Both the U.S. House of Representatives and the U.S. Senate have drafted financial reform legislation prompted by the financial market failings the country experienced in 2008. Both versions provide for comprehensive regulation of the OTC derivatives products, which were used extensively by those financial institutions that lost millions of dollars from investments in mortgage securities to insure against subprime mortgage defaults. This paper discusses the efficiency of proposed Congressional legislation to regulate the Over-the-Counter (OTC) derivatives market in light of the provision in the legislation that effectively exempts customized OTC derivatives contracts from clearing requirements and exchange trading. The exemption allows OTC derivatives dealers trading customized contracts to continue trading in the same opaque markets in which they engaged in rent seeking behavior that almost led to the collapse of the financial markets. The manuscript discusses why Congress has proposed these exemptions, why the exemption creates economic inefficiencies, and calls for Congress to devise a definition for customized OTC derivatives contracts to narrow the definition of what constitutes a customized trade to ensure that OTC derivatives dealers are not allowed to intentionally craft their OTC derivatives contract to avoid clearing and exchange trading requirements.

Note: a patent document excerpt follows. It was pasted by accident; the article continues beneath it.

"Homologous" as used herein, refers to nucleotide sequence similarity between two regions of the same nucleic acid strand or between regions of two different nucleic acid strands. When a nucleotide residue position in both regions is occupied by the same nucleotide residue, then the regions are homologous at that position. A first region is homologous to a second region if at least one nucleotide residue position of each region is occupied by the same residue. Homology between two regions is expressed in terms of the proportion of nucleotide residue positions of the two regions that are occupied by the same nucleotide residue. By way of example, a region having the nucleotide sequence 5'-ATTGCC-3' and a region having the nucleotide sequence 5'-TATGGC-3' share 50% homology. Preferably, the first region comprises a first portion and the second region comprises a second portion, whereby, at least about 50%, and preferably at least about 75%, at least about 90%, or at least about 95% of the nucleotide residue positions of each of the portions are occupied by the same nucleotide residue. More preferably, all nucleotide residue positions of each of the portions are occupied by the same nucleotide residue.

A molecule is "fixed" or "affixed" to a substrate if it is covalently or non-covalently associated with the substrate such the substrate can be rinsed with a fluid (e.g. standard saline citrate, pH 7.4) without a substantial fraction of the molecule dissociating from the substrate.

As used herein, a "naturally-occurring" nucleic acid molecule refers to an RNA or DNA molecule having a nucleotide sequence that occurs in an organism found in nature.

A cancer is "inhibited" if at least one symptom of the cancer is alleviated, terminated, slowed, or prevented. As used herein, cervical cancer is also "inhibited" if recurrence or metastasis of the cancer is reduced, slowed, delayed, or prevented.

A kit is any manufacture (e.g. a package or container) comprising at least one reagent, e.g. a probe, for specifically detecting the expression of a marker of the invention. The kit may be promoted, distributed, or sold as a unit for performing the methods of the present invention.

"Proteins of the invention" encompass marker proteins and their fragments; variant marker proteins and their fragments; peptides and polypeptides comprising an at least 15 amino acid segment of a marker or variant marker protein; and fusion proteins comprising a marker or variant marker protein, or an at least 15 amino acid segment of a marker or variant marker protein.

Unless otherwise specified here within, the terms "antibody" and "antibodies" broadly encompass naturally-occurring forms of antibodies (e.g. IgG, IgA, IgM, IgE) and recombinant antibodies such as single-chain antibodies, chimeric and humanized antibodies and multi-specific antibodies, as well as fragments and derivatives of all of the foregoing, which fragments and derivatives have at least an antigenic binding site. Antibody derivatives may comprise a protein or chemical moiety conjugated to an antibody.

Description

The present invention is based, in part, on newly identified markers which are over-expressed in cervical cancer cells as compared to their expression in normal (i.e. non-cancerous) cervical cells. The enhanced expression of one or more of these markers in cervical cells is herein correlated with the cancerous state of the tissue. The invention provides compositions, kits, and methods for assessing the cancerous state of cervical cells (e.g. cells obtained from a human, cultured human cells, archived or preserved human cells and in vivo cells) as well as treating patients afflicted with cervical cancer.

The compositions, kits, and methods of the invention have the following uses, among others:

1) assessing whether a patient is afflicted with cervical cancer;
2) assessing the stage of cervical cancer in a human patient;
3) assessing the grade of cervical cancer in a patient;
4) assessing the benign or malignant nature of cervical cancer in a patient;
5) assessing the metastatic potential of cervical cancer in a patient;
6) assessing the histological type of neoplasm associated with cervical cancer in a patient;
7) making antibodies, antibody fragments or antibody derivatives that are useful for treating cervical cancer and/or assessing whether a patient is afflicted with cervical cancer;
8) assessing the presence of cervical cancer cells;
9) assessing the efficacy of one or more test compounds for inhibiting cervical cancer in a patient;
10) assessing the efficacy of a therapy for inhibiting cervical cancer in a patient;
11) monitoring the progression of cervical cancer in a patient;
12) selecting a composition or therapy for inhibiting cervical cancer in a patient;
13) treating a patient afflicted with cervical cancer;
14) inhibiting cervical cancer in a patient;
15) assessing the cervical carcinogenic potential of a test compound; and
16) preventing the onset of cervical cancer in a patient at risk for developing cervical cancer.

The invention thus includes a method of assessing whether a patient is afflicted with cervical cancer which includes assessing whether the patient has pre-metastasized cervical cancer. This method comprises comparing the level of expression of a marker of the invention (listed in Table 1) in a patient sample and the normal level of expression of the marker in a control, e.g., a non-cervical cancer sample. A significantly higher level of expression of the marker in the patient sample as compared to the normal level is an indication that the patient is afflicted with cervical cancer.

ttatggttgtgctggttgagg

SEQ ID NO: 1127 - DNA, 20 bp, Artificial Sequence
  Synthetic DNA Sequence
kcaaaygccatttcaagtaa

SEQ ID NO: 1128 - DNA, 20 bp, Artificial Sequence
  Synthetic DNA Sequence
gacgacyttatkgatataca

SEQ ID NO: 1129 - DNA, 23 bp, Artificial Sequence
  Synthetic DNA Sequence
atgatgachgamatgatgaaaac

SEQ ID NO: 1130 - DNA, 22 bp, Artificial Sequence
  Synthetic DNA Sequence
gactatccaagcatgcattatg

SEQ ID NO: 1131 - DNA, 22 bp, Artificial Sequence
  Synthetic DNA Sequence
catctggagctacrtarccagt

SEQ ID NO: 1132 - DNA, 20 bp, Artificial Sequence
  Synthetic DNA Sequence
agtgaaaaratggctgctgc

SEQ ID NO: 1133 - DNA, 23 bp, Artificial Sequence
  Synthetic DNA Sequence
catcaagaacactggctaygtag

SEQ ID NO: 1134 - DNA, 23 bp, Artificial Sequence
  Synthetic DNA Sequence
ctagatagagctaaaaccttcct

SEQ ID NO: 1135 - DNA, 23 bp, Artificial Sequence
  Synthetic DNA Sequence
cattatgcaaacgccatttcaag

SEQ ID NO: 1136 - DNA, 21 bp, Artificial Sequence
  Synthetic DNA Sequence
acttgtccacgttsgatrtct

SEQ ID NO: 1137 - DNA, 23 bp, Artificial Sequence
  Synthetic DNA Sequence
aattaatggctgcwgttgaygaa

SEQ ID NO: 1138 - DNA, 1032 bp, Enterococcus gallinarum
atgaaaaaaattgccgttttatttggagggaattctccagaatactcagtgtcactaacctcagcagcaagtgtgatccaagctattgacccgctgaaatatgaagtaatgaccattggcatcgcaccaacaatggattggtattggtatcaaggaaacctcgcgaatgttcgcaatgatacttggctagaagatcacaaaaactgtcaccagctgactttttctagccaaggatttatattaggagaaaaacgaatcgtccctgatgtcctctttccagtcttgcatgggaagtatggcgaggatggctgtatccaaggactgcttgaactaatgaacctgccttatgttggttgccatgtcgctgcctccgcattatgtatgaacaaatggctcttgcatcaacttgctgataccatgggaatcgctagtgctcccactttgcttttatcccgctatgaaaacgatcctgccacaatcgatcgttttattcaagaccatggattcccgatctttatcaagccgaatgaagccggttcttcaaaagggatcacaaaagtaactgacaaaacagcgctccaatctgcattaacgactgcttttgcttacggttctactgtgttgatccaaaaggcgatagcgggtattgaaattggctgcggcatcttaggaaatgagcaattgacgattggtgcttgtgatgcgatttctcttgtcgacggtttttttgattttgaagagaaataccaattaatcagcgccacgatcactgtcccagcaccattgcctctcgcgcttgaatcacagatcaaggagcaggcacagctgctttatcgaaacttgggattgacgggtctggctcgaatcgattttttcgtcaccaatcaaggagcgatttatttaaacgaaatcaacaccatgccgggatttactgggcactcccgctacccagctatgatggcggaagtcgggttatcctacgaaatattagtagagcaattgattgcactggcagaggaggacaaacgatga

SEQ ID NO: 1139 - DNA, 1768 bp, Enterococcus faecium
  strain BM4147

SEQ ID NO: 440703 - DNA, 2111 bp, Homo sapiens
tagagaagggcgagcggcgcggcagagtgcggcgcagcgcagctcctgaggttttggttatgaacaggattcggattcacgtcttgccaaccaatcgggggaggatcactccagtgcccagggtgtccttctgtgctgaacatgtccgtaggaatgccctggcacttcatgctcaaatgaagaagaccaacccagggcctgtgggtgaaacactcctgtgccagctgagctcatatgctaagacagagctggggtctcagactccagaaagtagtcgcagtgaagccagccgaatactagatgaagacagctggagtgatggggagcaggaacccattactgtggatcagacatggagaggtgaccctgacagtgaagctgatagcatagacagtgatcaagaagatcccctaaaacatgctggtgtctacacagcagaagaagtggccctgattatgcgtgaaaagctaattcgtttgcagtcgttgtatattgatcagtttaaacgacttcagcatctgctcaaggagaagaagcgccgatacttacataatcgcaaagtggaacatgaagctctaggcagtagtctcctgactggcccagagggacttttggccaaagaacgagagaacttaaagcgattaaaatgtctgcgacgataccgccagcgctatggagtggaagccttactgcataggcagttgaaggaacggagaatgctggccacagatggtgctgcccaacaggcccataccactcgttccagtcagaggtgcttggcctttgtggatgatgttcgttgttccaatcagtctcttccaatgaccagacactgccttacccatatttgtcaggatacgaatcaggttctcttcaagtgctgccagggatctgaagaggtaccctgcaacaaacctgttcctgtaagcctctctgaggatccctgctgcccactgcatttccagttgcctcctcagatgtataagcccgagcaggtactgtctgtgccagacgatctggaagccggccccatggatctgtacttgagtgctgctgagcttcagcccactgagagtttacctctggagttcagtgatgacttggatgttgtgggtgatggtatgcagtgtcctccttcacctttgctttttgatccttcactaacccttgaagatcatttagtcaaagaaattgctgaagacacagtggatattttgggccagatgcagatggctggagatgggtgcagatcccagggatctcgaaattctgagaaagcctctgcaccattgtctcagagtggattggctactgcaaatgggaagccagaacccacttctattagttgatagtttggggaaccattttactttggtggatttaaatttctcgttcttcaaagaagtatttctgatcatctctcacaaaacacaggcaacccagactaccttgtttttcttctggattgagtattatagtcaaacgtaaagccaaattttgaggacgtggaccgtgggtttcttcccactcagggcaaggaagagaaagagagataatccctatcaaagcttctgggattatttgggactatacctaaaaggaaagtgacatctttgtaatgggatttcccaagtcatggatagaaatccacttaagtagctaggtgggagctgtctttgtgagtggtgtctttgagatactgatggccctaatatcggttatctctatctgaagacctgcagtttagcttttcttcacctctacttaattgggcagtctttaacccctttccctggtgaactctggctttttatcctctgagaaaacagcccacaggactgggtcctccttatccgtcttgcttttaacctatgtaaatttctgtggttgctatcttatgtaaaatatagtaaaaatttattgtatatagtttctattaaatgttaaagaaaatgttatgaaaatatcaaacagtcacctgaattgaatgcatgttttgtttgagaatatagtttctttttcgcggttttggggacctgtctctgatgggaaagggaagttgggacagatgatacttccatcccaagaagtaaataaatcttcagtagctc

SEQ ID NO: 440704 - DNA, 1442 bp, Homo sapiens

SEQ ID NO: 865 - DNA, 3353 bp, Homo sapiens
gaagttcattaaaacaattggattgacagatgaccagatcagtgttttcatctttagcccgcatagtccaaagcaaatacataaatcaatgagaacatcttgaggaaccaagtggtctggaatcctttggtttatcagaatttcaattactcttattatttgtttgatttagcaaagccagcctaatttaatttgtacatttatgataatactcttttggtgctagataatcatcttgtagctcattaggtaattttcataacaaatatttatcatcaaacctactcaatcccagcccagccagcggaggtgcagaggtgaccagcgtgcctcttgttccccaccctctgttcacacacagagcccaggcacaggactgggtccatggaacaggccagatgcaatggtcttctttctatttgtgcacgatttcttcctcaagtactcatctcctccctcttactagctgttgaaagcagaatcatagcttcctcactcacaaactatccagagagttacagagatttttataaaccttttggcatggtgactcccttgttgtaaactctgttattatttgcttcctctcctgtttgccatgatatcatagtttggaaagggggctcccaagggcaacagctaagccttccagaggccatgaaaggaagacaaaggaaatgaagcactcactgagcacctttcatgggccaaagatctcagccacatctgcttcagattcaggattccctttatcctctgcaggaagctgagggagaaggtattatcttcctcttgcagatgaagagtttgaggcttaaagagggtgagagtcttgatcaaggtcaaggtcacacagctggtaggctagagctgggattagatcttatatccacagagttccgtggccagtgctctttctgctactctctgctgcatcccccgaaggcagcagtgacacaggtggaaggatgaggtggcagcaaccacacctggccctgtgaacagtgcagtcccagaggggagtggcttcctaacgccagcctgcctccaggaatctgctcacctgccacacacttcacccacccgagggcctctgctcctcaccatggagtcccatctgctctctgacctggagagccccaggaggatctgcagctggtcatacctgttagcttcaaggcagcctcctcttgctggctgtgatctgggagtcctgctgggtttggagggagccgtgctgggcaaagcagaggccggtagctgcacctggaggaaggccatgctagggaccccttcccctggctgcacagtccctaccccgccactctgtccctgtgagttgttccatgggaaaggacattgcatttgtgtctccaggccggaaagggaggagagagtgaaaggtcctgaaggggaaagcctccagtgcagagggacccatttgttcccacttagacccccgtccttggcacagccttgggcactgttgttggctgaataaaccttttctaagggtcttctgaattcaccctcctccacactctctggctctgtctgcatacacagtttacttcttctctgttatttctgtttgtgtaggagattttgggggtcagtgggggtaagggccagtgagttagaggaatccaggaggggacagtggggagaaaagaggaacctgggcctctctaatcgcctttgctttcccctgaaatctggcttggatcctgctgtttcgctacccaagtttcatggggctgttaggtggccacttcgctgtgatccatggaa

Willa E. Gibson, OTC Derivatives Trading Under the Financial Reform Bill: Is It Tough Enough?, Forthcoming (2010).